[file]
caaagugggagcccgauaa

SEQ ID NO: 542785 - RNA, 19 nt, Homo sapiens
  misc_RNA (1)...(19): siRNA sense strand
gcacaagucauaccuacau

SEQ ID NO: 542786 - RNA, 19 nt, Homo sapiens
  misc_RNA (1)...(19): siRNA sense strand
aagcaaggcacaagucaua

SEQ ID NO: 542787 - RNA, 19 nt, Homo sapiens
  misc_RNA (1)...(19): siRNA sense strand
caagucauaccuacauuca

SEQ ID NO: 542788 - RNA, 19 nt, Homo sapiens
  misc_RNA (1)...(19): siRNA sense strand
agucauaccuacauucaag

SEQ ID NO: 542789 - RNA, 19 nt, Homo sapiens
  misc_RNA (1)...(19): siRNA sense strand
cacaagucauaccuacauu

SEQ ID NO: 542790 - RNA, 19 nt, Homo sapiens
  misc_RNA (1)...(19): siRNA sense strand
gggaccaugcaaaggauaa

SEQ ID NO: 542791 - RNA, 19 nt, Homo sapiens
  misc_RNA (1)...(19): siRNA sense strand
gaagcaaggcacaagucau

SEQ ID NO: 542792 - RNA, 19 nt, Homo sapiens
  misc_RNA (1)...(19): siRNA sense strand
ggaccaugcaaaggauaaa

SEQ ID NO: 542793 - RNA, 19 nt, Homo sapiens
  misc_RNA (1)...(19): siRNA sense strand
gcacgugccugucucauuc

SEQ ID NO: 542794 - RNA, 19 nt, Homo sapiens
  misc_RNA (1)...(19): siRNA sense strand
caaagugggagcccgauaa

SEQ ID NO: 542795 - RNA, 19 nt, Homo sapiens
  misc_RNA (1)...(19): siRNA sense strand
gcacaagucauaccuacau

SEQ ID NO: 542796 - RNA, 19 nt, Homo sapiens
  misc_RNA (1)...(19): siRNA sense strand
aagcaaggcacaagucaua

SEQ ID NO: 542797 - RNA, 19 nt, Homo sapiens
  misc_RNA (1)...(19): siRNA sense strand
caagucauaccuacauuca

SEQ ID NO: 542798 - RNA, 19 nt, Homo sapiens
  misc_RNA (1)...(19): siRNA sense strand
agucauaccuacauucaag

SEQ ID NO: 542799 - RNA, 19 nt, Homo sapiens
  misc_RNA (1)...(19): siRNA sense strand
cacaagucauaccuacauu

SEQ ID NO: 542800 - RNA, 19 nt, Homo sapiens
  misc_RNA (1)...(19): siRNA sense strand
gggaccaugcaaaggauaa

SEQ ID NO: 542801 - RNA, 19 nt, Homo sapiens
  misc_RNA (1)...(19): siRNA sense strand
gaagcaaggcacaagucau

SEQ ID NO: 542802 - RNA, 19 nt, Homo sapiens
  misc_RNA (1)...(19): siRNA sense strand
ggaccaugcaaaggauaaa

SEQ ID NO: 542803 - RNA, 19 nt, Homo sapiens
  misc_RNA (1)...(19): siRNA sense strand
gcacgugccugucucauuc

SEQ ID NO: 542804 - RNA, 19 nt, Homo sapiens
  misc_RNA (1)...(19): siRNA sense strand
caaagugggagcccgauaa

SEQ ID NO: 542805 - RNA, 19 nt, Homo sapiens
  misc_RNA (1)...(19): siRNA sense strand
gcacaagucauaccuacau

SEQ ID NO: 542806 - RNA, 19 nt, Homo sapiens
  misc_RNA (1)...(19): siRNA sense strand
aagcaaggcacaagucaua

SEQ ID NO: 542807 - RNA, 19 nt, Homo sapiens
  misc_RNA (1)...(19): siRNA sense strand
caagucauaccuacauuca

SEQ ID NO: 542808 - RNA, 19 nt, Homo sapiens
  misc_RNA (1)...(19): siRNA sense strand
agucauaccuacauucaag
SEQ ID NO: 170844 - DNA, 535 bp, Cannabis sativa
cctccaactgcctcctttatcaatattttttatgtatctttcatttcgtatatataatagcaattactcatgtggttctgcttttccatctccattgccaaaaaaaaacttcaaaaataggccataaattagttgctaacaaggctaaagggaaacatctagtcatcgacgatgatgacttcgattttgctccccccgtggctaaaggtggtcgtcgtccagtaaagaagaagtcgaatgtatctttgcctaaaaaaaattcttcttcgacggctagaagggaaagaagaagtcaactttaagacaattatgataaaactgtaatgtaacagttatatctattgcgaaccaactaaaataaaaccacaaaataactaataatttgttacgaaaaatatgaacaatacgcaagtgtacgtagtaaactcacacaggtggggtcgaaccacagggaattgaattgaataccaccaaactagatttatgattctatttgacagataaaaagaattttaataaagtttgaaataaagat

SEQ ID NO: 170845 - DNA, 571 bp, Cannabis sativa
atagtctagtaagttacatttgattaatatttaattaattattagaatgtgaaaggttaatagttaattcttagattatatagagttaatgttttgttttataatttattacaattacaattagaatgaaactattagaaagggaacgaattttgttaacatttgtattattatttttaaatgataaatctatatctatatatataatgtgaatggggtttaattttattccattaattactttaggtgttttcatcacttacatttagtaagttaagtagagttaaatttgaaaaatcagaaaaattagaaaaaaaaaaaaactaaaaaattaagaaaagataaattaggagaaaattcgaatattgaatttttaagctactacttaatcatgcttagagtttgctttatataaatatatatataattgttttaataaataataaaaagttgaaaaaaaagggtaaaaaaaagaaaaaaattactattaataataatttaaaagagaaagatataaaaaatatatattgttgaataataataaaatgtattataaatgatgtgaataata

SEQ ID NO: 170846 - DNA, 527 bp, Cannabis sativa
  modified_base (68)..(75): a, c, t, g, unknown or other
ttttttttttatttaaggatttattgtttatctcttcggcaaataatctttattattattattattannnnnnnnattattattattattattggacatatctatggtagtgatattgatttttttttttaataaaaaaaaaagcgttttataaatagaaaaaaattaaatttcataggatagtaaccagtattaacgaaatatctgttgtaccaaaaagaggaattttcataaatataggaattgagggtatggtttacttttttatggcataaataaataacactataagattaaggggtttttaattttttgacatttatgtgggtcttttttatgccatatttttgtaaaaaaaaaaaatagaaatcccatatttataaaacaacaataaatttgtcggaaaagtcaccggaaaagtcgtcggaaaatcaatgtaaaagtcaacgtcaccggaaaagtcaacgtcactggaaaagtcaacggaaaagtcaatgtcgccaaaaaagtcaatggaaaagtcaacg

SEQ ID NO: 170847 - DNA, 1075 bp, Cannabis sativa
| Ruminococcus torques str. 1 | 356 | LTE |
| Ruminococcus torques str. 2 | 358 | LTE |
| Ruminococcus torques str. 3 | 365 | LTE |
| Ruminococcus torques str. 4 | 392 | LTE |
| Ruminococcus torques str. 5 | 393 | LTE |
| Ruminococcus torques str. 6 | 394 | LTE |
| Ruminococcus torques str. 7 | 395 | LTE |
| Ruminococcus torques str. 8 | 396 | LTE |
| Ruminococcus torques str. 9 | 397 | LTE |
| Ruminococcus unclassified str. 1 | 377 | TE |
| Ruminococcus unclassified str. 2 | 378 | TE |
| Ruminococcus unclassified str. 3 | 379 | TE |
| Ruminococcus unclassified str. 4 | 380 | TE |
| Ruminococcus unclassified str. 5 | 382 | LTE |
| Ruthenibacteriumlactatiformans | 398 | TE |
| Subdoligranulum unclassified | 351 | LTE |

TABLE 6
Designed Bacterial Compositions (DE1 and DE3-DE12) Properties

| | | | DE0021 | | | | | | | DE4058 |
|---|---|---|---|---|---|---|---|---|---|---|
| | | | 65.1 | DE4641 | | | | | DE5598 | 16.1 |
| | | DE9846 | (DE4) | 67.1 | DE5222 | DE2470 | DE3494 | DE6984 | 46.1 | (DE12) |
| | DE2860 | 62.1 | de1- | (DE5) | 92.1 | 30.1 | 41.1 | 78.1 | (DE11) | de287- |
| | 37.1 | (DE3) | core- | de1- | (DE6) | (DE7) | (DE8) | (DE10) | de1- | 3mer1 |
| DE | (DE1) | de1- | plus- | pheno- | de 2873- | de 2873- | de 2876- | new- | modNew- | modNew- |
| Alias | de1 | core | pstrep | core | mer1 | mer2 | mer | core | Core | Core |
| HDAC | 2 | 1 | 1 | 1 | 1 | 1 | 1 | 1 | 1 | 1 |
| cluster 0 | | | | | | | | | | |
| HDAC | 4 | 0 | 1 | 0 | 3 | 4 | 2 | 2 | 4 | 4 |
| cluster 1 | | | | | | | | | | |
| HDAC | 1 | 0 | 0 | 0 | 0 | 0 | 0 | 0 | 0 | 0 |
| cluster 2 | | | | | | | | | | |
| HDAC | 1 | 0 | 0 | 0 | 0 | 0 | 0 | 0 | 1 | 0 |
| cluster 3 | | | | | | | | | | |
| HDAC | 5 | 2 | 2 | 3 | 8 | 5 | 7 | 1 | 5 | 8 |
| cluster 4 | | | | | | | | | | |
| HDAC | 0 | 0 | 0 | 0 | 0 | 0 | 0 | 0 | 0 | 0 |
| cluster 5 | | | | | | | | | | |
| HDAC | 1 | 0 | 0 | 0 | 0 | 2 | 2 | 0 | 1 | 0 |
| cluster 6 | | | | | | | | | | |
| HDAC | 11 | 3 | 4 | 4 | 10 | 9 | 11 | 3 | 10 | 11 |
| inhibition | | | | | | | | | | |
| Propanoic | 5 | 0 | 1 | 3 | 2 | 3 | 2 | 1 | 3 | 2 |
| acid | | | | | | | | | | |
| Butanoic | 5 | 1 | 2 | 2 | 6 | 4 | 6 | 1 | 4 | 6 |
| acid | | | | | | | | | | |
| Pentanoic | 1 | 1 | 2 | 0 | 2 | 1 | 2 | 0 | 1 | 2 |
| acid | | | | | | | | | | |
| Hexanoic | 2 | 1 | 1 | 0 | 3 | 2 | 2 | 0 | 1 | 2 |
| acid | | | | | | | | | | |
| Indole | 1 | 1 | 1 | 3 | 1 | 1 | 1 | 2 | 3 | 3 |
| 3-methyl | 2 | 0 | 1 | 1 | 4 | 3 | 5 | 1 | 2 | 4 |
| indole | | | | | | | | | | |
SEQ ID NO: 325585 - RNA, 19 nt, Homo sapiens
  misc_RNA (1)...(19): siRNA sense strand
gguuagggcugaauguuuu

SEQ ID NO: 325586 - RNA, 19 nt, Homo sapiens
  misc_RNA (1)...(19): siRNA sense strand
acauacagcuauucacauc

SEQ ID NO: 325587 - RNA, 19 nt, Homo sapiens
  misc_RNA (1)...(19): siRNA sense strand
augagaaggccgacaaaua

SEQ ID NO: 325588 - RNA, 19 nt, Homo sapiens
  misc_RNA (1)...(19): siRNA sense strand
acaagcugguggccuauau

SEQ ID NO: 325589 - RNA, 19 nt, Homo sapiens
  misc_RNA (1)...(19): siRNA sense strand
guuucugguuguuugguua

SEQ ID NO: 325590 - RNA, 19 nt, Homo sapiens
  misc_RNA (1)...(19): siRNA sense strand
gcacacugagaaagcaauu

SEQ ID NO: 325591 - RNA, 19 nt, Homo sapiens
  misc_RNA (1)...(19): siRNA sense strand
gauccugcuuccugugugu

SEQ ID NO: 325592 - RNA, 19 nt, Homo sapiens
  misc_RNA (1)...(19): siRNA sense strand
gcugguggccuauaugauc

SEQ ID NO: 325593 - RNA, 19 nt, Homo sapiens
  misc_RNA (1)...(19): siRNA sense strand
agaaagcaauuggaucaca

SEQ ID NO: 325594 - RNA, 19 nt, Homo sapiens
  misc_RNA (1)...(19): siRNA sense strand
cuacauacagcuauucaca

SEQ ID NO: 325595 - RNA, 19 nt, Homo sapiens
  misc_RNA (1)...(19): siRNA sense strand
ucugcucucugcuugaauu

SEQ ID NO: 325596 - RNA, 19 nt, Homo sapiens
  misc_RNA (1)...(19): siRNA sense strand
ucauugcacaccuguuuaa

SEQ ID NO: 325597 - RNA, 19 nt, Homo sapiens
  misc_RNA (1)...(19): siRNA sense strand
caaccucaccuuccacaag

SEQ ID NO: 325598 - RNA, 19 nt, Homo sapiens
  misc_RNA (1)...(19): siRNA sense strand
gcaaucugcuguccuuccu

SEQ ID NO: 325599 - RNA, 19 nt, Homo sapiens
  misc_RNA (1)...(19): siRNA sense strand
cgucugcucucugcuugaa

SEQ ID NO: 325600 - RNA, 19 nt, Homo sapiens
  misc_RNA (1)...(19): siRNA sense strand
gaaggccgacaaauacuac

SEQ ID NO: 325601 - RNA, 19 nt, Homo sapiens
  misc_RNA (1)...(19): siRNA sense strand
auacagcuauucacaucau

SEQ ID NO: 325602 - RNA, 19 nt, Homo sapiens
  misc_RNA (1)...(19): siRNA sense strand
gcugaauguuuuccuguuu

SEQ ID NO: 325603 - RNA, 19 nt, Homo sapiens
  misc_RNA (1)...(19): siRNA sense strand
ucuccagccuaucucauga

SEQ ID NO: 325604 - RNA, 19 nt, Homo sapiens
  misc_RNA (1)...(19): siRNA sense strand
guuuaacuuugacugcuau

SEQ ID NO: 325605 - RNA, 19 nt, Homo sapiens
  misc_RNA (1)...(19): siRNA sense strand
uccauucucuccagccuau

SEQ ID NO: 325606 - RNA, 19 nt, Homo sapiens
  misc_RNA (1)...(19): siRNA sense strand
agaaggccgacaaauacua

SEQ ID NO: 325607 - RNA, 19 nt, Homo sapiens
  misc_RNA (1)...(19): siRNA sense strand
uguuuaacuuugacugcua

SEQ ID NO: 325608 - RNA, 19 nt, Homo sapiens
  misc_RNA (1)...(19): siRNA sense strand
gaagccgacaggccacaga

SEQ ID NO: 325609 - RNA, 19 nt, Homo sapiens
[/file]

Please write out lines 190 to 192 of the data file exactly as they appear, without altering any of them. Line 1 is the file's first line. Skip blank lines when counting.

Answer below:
  misc_RNA (1)...(19): siRNA sense strand
ucuccagccuaucucauga

SEQ ID NO: 325604 - RNA, 19 nt, Homo sapiens